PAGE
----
The police found three gun casings at the scene, one gun casing down the street, a bullet hole in a car parked outside 512 W. 26th Street, a "projectile fragment" in the outside screen of 510 W. 26th Street, and a piece of chipped brick on the porch of 512 W. 26th Street.[9] No one was injured by White's gunfire and none of the bullets White fired penetrated any of the homes on the street.[10] On the final day of trial, White asked trial counsel to seek the lesser included offense instruction for the offense of First Degree Reckless Endangering.[11] Trial counsel declined to do so.

          The jury found White guilty of First Degree Reckless Endangering, Possession of a Firearm During the Commission of a Felony, Possession of a Firearm by a Person Prohibited, and "[three] criminal mischief offenses related to the property damage from the bullet strikes."[12] White was sentenced to nineteen years of Level V incarceration, suspended after twelve years for decreasing levels of supervision.[13] White appealed his conviction to this Court, and we affirmed.[14]

         White then filed this petition for post-conviction relief, arguing trial counsel's representation was ineffective because of his failure to seek a lesser included offense instruction. Trial counsel admits that (1) "until reading the statute" after receiving an email from White's Rule 61 counsel, he assumed that "Reckless Endangering 1st degree encompassed both 'serious physical injury' and 'death, '"[15] and (2) he rejected White's request for a lesser included offense instruction because he believed "a bullet fired from a gun would not result in any injury other than 'serious physical injury.'"[16] Counsel admits he denied White's request for a lesser included offense instruction because he thought "[i]t made no sense to argue that a bullet fired from a gun might only create a substantial risk of physical injury. It did not seem plausible that a jury would consider a bullet striking a person as resulting in any injury other than 'serious physical injury, ' as defined under Delaware law."[17]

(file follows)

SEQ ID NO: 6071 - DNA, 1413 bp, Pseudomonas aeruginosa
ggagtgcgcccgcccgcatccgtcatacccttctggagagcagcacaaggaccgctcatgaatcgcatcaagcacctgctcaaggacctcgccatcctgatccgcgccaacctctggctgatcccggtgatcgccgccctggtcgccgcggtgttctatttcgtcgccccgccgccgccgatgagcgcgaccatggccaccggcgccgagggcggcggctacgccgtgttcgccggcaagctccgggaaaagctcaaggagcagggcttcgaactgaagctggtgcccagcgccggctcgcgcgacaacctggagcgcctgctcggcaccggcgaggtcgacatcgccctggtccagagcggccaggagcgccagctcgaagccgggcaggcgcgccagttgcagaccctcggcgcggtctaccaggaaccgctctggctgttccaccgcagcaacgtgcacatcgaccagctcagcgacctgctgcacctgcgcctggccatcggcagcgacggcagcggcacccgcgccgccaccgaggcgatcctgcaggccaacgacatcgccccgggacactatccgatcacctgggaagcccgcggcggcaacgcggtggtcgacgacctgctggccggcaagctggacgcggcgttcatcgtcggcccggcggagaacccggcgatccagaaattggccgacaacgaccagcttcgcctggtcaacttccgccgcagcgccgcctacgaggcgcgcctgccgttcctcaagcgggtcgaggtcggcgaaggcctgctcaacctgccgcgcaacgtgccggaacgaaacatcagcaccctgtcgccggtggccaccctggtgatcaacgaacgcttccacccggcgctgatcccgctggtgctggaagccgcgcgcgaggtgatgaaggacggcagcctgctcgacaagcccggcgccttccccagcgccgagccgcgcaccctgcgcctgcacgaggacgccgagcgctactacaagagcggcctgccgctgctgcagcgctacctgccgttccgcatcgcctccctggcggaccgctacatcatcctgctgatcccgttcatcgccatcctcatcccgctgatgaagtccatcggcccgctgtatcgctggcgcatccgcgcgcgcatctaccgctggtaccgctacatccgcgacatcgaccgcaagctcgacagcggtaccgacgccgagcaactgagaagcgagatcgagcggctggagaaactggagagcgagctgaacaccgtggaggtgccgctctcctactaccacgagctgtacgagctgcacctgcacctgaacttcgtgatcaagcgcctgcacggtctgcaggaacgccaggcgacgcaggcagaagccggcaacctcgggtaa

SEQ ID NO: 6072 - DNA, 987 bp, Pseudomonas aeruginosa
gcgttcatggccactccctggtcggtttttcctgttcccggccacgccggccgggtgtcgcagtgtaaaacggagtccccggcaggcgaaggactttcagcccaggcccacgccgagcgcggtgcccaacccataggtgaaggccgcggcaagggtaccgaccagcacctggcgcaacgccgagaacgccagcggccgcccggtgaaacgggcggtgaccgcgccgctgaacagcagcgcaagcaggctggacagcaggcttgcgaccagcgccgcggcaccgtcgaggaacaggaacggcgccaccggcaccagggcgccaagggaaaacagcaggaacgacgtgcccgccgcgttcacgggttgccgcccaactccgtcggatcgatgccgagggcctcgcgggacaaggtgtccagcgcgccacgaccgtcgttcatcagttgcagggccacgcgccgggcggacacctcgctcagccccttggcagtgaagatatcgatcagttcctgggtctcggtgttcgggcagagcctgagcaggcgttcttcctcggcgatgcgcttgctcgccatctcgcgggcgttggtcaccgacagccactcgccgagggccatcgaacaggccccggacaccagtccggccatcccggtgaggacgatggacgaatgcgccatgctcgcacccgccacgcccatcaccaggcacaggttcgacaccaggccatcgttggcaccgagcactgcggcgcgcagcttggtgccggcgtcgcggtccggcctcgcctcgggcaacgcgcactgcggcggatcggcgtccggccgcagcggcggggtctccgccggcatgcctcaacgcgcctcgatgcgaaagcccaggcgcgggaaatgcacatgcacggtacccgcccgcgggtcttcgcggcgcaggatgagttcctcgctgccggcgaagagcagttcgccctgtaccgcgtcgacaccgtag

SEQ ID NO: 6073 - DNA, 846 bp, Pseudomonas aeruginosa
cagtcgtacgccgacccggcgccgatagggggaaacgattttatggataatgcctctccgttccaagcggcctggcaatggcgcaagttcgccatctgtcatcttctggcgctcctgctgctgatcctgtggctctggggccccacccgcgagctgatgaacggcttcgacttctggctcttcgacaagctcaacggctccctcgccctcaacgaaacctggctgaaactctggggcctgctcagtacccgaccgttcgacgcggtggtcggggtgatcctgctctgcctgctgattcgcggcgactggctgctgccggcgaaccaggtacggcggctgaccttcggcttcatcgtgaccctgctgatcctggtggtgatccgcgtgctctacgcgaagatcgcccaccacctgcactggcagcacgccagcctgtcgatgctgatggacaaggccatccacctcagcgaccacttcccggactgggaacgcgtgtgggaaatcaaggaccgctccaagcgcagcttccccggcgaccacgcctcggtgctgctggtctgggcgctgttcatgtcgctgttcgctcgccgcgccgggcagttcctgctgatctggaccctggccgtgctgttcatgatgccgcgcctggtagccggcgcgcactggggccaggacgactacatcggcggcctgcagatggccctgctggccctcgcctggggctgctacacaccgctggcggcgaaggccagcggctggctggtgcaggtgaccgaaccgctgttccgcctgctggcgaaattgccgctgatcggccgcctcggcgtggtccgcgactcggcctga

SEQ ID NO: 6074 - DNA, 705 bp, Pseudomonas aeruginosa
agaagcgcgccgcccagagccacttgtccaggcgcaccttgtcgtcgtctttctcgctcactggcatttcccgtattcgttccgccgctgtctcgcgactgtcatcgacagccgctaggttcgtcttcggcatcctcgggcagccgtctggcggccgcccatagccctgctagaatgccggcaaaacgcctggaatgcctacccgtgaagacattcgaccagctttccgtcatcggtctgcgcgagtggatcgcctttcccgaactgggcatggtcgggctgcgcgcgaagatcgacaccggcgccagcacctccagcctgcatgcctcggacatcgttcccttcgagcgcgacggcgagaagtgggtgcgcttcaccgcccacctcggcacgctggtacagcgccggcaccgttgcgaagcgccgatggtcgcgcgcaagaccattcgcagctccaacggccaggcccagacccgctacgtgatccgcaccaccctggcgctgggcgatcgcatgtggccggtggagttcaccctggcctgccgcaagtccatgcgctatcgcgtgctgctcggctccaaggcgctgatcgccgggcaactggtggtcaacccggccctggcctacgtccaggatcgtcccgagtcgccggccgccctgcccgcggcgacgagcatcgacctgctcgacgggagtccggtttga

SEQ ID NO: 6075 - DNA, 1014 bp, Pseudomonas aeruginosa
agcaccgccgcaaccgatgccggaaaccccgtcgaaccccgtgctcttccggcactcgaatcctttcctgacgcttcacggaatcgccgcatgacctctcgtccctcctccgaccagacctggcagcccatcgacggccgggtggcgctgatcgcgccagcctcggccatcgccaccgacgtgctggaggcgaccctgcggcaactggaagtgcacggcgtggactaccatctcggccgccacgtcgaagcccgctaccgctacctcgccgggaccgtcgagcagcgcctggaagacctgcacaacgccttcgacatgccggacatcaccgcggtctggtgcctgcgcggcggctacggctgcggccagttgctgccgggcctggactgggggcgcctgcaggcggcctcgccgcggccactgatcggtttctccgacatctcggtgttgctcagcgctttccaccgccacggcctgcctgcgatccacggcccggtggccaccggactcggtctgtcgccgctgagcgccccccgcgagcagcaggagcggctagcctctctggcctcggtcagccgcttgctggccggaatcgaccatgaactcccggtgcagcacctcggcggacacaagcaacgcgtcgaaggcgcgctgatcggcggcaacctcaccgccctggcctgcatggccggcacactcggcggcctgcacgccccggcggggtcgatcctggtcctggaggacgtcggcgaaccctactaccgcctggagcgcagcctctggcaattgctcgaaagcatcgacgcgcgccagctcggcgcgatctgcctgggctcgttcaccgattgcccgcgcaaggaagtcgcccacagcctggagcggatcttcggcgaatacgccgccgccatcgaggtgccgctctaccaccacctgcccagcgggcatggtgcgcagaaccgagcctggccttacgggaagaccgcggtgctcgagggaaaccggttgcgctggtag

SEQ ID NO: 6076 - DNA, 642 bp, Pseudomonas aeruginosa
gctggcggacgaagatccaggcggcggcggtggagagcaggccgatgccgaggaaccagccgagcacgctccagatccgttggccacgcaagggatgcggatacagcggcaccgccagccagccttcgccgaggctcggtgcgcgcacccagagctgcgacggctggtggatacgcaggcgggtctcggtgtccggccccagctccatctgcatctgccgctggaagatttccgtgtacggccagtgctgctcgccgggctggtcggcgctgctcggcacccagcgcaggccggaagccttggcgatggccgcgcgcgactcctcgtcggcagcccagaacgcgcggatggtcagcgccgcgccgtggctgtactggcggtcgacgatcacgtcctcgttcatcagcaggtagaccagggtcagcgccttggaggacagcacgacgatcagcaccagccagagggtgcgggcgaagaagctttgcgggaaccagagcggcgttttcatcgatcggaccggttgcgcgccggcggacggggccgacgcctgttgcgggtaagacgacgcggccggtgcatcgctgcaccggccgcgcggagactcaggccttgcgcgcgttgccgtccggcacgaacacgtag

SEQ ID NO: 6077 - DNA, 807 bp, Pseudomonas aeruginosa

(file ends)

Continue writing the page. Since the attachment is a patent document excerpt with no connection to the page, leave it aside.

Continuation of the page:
As counsel acknowledged, "I failed to consider the large gap between 'physical injury' (Reckless Endangering 2nd Degree) and 'death' (Reckless Endangering 1st Degree). Given those extremes, one could easily assert that 'serious physical injury' dovetails better with 'physical injury' versus 'death.' I am 100% positive that I neglected to contemplate that issue. Moreover, in a case involving ricochet evidence, one could possibly argue that even 'physical injury' was in play, per Oney v. State."[18]

         The Superior Court applied Stickland's two-prong test in addressing White's claim.[19] As to the first prong, the Superior Court determined that trial counsel's representation did not fall below an objective standard of reasonableness because trial counsel strategically denied White's request for a lesser included offense instruction to focus on "attack[ing] whether [White] consciously disregarded a substantial risk that death would result."[20] As to prejudice, the Superior Court noted that it "struggle[d] to see how, even upon request of the [lesser included offense instruction], the [instruction] would have been granted."[21]

         We part company from the Superior Court on these points. As we next discuss, we fail to see how not asking for the lesser included offense instruction constituted a reasonable tactical decision, both because it was uninformed and because asking for the instruction would have been consistent with trial counsel's strategy. Likewise, we disagree that ...